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7 questions to ask yourself before choosing a minor

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Before you commit to a course of study that won't appear on your diploma, read this.


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NOVEMBER 06, 2013

We all have to choose a major (or two!) when we come to Cal, although we may switch a few times before we officially declare. After taking a few classes in different departments, however, we may realize that we want to expand our knowledge more than a single major allows. To do this, students might choose a minor in a different academic department. Why would you do this, though? And how do you go about finding a minor that fits your interests? Here are some questions that may cross your mind if you’re considering working toward a minor:

Question #1: Is the minor something you are actually interested in? If you’re a science student and you’d like to take up something in the arts or humanities — or if you’d like to complement your major with something in a similar field — then maybe you should pursue a minor.

Question #2: Do you have time? This is the pivotal question we ask ourselves whenever we sign up for anything, isn’t it? But really, if your major is made up of a huge number of classes or if you’re involved in other activities, you’ll have to really think about whether you want to commit to five or six more upper-division classes.

Question #3: Is there some overlap with your major? Because really, it would be awesome if you could take advantage of taking one class that counts both for your major and your intended minor. Make sure to check with your adviser before assuming it would count for both.

Question #4: Are there any classes that are actually interesting? Even if you already have a minor in mind, maybe you’ll take one class for it. Then you’ll try to find another class next semester, and there just won’t be anything you think is worth your time.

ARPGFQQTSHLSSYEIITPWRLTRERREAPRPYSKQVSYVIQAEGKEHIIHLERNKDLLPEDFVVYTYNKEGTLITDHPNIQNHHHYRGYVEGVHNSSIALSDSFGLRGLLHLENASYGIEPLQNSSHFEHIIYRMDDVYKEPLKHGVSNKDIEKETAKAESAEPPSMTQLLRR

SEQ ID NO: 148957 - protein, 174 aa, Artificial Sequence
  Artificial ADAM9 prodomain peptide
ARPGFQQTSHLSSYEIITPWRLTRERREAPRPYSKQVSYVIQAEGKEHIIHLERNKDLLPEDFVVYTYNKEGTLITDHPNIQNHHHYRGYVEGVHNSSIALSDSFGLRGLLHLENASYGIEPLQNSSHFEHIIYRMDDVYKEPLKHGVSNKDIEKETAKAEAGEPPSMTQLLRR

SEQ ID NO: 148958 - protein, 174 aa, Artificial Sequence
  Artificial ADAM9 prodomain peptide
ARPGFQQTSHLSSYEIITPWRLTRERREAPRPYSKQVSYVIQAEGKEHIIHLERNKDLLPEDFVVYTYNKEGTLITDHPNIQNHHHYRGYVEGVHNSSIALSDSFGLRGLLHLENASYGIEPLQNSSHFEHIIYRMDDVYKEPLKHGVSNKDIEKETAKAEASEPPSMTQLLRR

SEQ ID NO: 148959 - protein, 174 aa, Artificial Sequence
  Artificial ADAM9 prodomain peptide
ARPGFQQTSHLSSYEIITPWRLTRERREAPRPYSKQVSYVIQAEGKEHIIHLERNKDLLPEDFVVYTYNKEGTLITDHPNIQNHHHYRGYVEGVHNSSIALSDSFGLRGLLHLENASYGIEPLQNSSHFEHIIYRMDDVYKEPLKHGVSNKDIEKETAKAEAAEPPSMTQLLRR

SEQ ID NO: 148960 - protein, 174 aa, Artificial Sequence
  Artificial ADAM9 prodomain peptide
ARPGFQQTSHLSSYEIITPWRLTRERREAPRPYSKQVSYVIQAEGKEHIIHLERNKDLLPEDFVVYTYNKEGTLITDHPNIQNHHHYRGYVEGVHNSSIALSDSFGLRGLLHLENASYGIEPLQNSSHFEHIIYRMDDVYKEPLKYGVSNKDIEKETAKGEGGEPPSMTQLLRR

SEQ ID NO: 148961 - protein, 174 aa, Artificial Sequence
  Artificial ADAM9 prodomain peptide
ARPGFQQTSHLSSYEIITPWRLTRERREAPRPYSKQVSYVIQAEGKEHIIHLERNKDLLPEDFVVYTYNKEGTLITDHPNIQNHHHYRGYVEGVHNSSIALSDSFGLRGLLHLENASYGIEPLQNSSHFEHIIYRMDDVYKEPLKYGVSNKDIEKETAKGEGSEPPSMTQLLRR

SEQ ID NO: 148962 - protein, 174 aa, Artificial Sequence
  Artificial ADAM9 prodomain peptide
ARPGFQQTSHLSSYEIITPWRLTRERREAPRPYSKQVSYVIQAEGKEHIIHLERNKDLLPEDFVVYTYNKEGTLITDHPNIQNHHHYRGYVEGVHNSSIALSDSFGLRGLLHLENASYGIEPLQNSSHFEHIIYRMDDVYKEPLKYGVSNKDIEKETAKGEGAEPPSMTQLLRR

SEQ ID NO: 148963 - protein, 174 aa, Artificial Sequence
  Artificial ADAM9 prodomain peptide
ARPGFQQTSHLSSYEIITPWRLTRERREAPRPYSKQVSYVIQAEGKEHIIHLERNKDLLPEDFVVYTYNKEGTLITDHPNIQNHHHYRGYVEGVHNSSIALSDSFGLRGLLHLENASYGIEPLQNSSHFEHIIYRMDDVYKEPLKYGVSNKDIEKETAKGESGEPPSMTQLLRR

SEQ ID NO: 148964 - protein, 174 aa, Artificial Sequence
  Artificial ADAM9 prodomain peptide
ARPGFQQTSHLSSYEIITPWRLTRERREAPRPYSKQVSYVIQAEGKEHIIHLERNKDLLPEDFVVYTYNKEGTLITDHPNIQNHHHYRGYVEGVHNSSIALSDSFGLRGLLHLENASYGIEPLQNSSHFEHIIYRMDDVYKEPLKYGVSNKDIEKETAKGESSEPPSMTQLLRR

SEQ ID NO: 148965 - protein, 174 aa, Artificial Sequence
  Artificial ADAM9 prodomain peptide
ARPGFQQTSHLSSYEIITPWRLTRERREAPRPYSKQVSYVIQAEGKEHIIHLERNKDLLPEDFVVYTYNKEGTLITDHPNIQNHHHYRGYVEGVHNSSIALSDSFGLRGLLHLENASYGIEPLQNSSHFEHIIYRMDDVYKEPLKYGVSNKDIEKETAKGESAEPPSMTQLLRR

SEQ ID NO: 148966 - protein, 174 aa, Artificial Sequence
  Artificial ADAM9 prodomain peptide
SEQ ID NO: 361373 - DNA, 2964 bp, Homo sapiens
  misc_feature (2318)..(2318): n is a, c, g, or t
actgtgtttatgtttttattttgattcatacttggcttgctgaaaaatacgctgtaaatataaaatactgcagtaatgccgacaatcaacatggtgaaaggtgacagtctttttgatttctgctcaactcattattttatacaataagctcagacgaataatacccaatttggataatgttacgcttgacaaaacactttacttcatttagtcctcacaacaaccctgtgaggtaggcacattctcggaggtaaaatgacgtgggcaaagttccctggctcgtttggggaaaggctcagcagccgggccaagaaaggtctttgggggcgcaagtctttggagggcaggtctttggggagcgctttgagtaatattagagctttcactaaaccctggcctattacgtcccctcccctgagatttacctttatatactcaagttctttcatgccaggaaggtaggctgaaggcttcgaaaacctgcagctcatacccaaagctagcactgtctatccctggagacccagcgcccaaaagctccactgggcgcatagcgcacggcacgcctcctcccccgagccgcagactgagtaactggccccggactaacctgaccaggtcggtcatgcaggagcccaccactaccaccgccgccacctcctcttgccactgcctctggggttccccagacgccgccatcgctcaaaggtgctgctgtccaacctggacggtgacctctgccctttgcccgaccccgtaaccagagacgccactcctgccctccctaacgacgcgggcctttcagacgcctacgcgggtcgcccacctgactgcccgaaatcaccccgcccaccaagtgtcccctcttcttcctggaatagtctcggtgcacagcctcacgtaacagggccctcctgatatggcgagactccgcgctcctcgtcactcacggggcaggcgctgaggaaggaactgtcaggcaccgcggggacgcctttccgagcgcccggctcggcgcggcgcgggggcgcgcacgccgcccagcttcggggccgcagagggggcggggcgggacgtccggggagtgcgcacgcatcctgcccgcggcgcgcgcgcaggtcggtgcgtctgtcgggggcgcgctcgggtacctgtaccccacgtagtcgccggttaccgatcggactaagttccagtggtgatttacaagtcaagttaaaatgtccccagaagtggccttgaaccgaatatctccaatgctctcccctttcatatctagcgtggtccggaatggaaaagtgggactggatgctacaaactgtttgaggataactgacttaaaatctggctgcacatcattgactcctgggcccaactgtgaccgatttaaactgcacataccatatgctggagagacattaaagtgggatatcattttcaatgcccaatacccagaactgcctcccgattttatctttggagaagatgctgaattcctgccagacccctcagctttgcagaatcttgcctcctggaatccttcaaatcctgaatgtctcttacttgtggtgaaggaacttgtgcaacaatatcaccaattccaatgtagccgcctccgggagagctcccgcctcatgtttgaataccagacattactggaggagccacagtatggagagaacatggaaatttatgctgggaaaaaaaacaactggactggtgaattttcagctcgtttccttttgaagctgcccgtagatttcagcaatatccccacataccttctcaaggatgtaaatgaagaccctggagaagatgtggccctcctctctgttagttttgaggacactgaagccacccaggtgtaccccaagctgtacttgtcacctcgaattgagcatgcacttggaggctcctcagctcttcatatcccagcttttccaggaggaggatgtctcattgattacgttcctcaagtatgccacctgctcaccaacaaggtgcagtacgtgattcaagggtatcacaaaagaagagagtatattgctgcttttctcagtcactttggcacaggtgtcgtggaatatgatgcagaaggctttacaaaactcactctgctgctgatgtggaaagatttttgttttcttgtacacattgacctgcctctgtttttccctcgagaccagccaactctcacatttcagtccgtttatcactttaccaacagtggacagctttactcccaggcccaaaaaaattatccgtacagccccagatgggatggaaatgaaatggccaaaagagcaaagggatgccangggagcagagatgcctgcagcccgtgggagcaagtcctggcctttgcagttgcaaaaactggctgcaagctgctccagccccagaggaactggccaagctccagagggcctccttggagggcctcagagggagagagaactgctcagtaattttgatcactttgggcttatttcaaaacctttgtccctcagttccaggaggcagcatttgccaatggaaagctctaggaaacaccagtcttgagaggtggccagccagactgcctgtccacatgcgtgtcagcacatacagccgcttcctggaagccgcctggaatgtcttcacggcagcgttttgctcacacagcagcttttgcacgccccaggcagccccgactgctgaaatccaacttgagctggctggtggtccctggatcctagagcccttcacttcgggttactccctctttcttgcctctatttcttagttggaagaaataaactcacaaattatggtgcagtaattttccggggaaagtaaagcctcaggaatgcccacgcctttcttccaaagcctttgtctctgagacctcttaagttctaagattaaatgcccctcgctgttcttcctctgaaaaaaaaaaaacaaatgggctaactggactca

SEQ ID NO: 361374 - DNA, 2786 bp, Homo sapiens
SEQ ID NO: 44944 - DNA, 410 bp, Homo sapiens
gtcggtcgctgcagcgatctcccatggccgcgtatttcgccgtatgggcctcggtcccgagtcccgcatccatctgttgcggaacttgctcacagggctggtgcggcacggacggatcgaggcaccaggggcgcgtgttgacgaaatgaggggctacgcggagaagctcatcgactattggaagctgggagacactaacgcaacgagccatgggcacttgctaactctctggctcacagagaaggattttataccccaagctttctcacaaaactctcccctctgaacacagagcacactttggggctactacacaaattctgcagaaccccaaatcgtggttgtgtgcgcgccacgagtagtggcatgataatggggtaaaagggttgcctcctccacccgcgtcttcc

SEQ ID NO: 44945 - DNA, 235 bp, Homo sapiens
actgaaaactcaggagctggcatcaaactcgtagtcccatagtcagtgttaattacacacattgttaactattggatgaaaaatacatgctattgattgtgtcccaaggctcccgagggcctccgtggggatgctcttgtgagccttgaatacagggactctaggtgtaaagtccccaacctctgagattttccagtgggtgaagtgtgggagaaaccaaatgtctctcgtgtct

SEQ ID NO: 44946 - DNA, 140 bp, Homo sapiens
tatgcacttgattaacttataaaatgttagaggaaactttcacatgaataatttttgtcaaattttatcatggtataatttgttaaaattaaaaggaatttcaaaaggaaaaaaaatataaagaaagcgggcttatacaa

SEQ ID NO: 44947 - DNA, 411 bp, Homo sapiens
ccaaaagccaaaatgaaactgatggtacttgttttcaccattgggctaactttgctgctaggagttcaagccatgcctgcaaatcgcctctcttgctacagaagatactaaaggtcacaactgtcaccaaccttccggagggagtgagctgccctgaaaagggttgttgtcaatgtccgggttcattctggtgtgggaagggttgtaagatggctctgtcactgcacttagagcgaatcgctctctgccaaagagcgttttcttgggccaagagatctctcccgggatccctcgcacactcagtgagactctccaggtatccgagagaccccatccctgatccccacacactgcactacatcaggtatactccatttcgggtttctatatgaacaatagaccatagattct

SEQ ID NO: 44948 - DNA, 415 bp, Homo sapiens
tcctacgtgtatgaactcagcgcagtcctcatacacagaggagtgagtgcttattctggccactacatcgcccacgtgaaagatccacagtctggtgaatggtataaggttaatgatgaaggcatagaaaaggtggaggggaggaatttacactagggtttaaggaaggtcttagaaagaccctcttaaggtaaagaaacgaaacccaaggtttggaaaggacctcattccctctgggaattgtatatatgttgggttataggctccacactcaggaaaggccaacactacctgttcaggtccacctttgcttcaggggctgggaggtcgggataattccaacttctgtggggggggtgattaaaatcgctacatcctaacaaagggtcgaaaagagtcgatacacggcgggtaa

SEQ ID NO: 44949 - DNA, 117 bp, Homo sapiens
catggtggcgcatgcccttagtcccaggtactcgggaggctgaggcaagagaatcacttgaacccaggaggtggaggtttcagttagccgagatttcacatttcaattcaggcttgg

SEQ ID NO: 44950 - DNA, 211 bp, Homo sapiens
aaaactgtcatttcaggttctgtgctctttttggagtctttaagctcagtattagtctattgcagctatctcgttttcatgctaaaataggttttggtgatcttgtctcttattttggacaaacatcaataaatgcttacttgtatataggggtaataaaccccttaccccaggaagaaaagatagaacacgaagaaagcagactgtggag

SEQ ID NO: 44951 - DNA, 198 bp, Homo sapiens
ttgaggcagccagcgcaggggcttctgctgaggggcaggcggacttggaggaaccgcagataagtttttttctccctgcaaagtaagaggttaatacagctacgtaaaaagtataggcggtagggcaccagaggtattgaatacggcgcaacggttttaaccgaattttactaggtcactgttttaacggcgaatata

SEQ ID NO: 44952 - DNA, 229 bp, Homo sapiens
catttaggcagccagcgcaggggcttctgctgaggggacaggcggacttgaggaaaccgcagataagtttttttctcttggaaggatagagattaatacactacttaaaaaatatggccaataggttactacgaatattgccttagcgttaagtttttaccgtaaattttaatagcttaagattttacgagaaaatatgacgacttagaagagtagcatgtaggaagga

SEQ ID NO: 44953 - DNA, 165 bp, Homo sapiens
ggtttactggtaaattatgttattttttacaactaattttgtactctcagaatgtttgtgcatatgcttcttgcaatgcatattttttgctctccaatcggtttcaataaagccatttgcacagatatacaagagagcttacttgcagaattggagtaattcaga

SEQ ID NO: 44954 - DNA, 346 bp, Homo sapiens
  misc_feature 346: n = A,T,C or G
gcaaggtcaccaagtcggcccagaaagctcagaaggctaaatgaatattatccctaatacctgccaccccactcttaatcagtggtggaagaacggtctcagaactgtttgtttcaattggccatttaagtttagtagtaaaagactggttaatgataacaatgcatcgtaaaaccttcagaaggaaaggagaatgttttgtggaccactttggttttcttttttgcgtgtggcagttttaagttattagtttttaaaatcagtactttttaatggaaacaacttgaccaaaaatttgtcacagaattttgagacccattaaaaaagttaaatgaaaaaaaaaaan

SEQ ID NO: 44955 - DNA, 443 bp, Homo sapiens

Question #5: Can you get into the classes? If you want to study something outside of your college or even just outside of your major, it can be tough to enroll in the classes without automatically being sent to the wait list. Some departments are forgiving to nonmajors, but make sure you have some chance of getting in. Otherwise, your minor could end up becoming more complicated than your major.

Question #6: Will it help your career? Maybe your major isn’t completely related to the job you want after graduation. If so, you could supplement your degree with a minor in something more relevant to your career goals.

Question #7: Would it be better to double major or minor? You might jump back and forth on this decision. One inspiring morning, you may feel like, “I can double major in political science and history all day, every day.” Until you realize, as you slump in your Main Stacks seat, that all four of your classes are reading-based and require too many essays. You may decide you have the time to go the extra mile to declare a double major. Or you might switch out that double major for the less committal minor.

Image source: Derrick Coetzee under Creative Commons

Contact Jessica Rogness at [email protected] and follow her on Twitter @jessarogness.

NOVEMBER 06, 2013

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